A few years ago I started to do work on the absurdities of racial classification. That’s why the case of Rachel Dolezal, and how some of my friends, commentators around the world and others in South Africa have responded to it, intrigues me so much.
Actually, this aspect of my work began in the late 1990s with what I referred to as the sexualisation of apartheid. Later on, I turned my attention to question of whiteness, being particularly fascinated by a concept one finds in several stories of growing up with light/white skin in South Africa: “living as a white person” or “living a white life”. You can find one of the papers here.
The case indeed has it all – race as biological, subjective, social, historical. And it has more – issues of transracial identity, what might be called cisraciality, and the possibility of refusing to be white, which is different, and politically and psychologically more interesting, from refusing racial categorisation.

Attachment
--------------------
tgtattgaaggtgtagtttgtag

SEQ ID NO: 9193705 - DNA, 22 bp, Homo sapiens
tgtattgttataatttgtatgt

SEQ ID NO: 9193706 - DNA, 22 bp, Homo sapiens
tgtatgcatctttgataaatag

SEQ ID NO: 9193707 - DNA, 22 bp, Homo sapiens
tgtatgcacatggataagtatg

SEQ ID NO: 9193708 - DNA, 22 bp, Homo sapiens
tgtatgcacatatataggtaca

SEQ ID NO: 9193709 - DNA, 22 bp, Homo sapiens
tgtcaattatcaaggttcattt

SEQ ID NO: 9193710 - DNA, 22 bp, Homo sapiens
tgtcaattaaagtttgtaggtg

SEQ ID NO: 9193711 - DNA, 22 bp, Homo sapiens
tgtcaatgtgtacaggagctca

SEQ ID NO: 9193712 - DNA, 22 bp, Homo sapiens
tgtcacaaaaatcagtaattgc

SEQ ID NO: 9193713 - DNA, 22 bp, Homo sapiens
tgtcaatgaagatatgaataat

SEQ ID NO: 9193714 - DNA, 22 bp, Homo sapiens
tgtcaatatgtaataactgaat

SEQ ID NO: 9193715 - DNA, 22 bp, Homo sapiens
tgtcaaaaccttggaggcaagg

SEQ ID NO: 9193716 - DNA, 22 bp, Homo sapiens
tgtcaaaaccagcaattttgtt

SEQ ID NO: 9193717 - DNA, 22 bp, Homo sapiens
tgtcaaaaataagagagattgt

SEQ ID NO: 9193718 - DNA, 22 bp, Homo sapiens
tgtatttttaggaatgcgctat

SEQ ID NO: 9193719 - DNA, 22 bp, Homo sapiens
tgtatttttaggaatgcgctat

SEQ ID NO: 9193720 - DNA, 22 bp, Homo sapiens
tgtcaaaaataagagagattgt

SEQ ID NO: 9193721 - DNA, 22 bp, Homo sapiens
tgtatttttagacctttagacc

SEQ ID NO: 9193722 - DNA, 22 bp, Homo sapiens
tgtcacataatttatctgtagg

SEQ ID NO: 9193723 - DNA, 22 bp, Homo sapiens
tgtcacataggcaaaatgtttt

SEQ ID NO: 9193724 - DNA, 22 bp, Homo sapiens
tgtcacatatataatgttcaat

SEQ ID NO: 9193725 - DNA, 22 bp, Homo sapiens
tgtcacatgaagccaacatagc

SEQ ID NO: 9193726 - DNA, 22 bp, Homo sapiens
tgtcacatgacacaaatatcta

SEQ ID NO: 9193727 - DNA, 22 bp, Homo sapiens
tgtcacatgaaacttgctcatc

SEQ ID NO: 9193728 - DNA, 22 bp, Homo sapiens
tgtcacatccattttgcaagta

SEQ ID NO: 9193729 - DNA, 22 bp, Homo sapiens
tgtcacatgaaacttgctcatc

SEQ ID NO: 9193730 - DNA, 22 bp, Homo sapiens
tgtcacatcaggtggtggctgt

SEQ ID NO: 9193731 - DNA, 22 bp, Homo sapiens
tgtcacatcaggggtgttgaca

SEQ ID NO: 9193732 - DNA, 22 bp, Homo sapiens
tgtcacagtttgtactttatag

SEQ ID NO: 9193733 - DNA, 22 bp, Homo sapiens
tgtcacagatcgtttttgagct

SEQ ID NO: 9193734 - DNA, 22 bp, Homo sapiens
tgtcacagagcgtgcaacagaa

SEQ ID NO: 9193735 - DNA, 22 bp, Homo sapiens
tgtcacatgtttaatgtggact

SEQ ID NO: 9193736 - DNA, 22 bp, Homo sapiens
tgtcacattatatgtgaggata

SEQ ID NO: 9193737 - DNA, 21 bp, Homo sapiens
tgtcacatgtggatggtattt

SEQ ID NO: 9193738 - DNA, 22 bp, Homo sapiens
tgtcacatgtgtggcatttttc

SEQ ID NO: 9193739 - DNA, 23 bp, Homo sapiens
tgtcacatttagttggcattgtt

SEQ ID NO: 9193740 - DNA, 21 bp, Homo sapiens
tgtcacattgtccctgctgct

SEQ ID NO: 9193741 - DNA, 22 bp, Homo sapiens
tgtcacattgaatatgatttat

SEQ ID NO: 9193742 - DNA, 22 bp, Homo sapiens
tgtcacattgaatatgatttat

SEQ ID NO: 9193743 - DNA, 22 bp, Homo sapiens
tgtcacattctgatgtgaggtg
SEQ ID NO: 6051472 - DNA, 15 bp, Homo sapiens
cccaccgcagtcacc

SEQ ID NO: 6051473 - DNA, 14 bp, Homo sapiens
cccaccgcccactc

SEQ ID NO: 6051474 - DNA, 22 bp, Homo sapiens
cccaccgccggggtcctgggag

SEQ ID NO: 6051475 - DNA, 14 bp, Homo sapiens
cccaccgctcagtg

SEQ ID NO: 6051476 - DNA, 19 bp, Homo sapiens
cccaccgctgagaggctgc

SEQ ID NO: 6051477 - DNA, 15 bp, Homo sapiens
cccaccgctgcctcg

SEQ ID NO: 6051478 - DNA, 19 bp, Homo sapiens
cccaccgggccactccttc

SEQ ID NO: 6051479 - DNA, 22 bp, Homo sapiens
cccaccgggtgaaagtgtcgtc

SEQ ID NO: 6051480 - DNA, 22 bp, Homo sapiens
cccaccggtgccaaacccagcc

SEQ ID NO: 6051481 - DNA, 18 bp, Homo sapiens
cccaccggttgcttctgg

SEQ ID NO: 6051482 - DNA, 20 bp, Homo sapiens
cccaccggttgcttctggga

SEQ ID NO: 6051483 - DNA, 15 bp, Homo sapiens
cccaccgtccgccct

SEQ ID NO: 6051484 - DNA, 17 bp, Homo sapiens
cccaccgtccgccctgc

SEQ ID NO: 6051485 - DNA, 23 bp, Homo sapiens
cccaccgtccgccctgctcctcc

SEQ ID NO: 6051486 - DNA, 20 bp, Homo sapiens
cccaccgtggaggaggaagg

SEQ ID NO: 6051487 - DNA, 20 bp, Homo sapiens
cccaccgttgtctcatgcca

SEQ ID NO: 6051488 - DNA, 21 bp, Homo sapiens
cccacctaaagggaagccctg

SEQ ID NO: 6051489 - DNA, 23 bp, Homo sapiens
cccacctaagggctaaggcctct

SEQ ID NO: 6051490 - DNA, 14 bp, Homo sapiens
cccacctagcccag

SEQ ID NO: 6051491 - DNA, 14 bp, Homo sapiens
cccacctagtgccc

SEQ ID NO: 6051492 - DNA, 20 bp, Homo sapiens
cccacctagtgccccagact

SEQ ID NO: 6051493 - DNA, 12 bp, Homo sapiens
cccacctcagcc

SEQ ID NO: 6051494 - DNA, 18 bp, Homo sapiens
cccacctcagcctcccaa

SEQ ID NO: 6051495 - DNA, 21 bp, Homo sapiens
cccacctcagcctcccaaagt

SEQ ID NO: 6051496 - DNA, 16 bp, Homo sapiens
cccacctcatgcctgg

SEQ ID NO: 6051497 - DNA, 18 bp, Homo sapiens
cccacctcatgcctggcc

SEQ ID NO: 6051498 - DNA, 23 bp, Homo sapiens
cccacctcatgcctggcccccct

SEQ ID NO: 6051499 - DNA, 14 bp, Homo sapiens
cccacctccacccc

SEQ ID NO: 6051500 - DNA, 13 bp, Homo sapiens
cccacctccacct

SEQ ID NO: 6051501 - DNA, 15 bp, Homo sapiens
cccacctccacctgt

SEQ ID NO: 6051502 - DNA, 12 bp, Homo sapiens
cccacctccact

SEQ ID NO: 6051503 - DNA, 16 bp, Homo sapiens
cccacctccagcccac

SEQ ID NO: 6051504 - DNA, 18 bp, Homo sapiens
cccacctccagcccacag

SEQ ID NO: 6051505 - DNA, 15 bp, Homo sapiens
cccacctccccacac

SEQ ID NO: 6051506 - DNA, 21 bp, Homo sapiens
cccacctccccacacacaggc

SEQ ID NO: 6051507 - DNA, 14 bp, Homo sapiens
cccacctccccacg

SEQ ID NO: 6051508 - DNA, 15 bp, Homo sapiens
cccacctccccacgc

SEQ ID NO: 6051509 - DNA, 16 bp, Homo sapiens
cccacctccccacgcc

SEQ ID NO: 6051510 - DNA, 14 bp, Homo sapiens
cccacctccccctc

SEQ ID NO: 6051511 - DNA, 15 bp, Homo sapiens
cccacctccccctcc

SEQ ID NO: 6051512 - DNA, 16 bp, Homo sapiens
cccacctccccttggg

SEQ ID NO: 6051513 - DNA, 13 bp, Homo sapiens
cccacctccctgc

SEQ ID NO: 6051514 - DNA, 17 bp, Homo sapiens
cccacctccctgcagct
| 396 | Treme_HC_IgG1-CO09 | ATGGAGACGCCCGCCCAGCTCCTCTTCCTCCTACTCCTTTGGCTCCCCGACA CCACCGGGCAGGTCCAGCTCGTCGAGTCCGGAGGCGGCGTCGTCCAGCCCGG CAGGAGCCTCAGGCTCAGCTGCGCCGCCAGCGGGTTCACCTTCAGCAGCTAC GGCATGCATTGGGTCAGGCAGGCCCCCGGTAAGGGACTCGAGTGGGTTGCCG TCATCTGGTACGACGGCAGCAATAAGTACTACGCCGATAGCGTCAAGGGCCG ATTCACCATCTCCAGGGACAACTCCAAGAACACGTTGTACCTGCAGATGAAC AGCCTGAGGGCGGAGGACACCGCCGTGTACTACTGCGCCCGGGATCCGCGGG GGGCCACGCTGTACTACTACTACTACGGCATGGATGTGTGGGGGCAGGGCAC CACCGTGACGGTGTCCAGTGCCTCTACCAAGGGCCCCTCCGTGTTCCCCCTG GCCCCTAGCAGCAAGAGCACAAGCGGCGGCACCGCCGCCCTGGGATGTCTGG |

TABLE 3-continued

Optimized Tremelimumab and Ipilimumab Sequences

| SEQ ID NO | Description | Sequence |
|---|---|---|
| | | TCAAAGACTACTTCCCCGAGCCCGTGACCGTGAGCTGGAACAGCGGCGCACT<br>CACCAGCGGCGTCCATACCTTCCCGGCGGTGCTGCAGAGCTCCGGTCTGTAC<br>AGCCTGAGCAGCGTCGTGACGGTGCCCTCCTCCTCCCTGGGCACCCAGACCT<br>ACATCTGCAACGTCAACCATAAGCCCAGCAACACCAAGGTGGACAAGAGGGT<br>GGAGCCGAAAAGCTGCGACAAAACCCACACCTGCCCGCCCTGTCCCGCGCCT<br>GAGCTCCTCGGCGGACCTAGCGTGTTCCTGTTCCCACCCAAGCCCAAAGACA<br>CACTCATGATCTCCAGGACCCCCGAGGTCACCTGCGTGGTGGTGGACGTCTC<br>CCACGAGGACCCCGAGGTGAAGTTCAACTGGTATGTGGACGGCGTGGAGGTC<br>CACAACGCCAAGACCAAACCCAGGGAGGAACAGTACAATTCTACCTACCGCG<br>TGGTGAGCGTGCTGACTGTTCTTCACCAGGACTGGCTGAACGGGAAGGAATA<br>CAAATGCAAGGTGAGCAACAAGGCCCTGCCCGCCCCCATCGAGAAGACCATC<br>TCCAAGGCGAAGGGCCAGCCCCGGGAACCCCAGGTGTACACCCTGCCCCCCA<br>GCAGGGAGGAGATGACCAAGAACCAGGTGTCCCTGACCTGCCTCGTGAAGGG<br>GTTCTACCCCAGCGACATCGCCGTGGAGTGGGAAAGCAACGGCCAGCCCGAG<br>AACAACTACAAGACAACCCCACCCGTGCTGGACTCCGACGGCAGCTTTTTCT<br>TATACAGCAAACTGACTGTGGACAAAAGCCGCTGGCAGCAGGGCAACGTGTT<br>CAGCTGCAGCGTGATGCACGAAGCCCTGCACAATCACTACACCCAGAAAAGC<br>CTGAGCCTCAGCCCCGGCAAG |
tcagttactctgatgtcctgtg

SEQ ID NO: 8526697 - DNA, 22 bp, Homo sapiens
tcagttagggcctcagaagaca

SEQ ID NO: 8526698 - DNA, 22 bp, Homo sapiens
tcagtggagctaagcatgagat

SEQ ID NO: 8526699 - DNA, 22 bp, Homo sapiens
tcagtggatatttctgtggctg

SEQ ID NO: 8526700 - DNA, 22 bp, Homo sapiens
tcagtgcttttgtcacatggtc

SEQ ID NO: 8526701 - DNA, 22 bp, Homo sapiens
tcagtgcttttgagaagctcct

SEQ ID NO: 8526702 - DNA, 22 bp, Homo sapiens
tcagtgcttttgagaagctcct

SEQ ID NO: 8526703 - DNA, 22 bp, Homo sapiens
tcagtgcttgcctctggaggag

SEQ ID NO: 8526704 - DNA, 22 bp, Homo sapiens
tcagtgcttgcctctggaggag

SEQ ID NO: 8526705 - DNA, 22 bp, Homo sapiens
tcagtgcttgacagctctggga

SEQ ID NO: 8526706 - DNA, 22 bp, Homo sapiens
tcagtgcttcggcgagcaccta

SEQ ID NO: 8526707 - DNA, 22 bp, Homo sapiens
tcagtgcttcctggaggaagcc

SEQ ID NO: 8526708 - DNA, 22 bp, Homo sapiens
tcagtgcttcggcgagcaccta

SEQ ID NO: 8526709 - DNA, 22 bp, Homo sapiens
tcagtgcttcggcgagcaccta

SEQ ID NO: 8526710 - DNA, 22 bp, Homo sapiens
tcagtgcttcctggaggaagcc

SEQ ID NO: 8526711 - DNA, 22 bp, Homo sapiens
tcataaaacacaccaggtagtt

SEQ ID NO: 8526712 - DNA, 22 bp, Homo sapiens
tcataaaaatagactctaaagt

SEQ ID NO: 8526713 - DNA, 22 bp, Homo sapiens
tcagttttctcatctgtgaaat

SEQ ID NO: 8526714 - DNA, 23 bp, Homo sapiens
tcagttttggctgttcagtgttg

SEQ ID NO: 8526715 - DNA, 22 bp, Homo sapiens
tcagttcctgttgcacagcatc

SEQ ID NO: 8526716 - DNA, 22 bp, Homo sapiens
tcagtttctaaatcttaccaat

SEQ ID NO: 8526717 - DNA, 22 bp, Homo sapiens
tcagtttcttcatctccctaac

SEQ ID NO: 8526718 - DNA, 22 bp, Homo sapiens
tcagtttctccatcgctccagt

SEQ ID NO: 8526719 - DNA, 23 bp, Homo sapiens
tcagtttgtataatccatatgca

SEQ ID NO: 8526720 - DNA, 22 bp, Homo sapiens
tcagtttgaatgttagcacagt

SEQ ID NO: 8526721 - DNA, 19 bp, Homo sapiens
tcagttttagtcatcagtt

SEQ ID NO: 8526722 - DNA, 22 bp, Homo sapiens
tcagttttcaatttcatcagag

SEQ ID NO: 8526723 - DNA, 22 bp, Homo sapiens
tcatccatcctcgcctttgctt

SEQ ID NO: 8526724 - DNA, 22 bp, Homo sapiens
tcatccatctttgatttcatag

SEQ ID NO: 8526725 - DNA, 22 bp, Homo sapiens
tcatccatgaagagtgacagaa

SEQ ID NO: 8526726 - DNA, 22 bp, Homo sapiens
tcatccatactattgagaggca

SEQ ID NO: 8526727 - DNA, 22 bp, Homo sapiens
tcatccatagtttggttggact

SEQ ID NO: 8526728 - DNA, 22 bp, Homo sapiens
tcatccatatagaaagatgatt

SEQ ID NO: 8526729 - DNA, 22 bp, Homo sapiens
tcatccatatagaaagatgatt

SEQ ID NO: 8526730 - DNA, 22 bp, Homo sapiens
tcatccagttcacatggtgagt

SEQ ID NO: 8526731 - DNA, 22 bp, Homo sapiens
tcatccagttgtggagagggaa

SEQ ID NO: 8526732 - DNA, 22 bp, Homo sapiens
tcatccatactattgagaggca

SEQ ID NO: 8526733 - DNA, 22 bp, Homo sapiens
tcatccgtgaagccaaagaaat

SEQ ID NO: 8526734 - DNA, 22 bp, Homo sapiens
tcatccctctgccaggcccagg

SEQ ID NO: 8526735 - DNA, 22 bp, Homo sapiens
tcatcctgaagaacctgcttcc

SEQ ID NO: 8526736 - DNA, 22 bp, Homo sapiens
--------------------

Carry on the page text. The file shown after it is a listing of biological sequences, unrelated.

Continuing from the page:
I feel the case can use more discussion in relation to the history and contemporary contests of race in South Africa. What I find interesting is not whether Dolezal lied about her race or if she is really white, as if her parentage and skin colour is the end of the story. What intrigues is her apparent refusal to be white? How many people do you know in today’s South Africa who apparently refuse whiteness? Alongside that question is how many people of different colours try for, to borrow that phrase, who desire the “white life”?
I am urged to write this post because of these discussions by philosophers brought together on Daily Nous. Read on.